Liability for the 'Threat of a Sale': Assessing Patent Infringement for Offering to Sell an Invention and Implications for the On-Sale Patentability Bar and Other Forms of Infringement
72 Pages Posted: 14 Nov 2010
Date Written: November 1, 2002
In order to comport with our obligations under the Agreement on Trade Related Aspects of Intellectual Property (TRIPS), Congress made it an act of infringement to "offer to sell" a patented invention. Prior to TRIPS, a party could infringe a patent under 35 U.S.C. § 271(a) only by making, using, or selling a patented invention without the permission of the patent owner. Whereas previously "a threat of a sale [did] not constitute an act of infringement," now a party who simply offers to sell a device covered by a patent is liable as an infringer, even if the sale is never completed. In adopting this new form of infringement, however, Congress provided virtually no guidance as to its meaning. Neither courts nor commentators have written about this new version of infringement. This article examines the history of 35 U.S.C. § 271 and what is considered to be infringement of a patent. It then assesses what the proper standard for an “offer” should be under this new provision. After reviewing the current case law on this issue as determined by the U.S. Court of Appeals for the Federal Circuit, the article considers three sources of authority to assess the appropriate standard for "offer to sell" infringement. First, infringement for "offers to sell" is compared and contrasted with the statutory proscription of obtaining a patent on a device that has been "on sale" under 35 U.S.C. § 102(b). Second, because § 271(a) was amended to harmonize U.S. law with international law, the article also compares interpretations of offers to sell and sales in foreign jurisdictions, specifically the United Kingdom and Canada. Third, the article analyzes the economic consequences of an infringing offer to sell to determine whether the Federal Circuit's standard for an "offer to sell" adequately redresses the pecuniary harm to the patentee caused by this infringing activity. After evaluating these sources, Part III concludes that a general commercialization standard would best effectuate the objectives of both the "on-sale bar" and "offer to sell" infringement. Finally, the article then addresses whether a complete, physical embodiment of an invention should be required for an infringing "offer to sell." Historically, for there to be infringement, the allegedly infringing device had to be in a physically complete form. The article suggests that the addition of "offer to sell" as a form of infringement challenges this norm, not only for offers to sell but also for completed sales of a patented device. While a requirement that the invention be in its complete and assembled form is appropriate in determining whether an infringer has "made," "used," or "imported" an invention, such a standard is inappropriate for sales of, and offers to sell, an infringing device. Instead, drawings or models should be sufficient for offers to sell and actual sales, so long as a person of ordinary skill in the relevant art would be able to read such drawings and readily build the device.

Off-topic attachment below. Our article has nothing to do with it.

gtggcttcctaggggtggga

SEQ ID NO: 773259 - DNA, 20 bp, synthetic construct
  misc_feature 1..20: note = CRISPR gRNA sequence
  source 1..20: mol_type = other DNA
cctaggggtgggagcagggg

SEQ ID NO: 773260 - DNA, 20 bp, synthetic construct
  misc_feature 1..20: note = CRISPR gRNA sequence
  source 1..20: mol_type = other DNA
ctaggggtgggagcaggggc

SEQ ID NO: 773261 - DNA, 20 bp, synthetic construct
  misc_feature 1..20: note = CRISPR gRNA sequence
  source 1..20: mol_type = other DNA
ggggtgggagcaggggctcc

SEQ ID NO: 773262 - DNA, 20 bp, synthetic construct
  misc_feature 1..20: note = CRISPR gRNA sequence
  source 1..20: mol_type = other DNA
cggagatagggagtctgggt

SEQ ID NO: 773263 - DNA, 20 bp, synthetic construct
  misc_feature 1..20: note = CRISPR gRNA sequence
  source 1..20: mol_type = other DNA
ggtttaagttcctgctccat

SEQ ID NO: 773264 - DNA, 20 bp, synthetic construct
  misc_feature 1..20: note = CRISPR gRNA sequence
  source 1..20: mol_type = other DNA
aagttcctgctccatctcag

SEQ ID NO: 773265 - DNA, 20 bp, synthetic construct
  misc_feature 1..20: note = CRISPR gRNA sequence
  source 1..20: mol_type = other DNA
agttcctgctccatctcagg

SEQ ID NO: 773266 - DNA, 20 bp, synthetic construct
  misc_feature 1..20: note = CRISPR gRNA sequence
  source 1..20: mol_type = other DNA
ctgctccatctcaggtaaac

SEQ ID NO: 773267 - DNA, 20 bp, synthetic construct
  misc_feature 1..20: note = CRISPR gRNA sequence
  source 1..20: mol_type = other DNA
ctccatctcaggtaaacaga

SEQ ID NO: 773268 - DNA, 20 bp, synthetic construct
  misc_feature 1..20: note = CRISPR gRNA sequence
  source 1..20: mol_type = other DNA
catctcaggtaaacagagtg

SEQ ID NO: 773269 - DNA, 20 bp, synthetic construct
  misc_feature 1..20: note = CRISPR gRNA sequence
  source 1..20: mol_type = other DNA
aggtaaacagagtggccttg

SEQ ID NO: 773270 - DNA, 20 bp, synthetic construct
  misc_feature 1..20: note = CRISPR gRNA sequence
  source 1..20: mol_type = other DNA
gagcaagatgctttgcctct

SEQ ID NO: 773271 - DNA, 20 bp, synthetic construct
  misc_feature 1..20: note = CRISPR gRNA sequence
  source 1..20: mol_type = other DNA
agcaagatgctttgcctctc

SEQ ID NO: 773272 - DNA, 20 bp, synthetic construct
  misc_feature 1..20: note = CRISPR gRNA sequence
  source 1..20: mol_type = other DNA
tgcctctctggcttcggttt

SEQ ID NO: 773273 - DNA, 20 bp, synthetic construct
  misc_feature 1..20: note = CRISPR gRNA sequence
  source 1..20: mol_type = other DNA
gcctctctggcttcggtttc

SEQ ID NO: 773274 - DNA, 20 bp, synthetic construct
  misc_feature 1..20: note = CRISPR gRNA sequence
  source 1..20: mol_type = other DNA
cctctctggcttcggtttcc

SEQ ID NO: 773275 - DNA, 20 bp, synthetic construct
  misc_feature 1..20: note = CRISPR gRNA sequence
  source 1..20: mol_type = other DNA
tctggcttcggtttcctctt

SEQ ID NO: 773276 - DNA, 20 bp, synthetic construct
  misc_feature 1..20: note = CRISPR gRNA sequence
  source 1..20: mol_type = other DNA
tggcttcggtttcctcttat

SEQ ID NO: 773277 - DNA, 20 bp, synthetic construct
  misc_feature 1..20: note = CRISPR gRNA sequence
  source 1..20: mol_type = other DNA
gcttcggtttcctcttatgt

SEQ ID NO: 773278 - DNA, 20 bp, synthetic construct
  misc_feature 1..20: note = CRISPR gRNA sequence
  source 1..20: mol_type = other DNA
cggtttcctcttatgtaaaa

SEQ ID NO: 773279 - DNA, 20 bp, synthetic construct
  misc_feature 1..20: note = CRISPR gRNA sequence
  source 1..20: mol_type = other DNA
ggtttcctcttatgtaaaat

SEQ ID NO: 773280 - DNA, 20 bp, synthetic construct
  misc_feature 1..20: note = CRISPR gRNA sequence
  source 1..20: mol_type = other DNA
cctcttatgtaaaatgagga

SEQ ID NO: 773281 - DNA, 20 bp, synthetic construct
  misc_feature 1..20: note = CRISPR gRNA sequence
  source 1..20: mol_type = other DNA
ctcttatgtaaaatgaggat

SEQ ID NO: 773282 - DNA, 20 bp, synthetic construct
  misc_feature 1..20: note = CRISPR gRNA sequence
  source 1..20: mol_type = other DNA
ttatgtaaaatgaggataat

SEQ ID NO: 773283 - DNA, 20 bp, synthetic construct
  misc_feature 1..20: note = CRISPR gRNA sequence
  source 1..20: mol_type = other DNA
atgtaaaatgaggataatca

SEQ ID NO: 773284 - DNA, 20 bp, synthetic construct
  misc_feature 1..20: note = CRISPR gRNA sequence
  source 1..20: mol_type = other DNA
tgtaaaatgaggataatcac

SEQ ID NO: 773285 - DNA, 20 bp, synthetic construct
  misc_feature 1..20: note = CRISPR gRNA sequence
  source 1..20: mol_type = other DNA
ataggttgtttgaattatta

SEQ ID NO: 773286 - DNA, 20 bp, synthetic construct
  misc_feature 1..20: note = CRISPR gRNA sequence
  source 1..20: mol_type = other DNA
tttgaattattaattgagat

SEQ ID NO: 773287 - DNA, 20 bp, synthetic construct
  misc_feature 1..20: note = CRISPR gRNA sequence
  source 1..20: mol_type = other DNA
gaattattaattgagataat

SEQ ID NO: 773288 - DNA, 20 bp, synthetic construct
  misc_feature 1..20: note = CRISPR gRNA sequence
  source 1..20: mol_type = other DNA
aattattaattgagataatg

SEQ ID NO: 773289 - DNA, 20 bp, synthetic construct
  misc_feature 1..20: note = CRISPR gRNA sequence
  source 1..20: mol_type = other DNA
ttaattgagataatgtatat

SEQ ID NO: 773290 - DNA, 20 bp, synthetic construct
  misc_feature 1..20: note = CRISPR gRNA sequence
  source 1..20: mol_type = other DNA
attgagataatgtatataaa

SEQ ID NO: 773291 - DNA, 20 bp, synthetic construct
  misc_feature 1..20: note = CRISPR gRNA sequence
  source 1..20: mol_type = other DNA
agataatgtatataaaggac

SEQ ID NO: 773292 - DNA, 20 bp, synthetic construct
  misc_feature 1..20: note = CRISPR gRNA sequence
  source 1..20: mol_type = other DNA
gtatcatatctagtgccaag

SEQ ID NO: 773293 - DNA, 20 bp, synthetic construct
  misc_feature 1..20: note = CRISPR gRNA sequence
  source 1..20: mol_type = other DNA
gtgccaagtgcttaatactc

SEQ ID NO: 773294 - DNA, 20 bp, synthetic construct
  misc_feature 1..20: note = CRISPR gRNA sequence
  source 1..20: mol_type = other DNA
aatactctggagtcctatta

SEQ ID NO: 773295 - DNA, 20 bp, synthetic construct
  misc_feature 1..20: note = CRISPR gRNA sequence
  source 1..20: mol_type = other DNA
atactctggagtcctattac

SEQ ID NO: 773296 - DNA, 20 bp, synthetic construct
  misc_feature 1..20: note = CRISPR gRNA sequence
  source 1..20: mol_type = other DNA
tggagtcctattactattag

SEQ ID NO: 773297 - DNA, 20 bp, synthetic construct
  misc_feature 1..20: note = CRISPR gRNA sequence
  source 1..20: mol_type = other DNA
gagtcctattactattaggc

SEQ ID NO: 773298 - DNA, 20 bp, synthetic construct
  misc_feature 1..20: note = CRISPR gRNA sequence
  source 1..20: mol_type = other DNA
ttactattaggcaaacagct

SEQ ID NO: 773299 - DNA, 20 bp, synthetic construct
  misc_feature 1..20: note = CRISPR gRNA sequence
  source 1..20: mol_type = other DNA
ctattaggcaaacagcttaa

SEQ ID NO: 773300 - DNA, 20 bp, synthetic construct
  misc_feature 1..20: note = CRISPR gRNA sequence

Keywords: patent, infringement, offer to sell, sell, make, use, TRIPS, damages, remedies, on-sale bar, on-sale, comparative patent law, lost profits, price erosion, reasonable royalty
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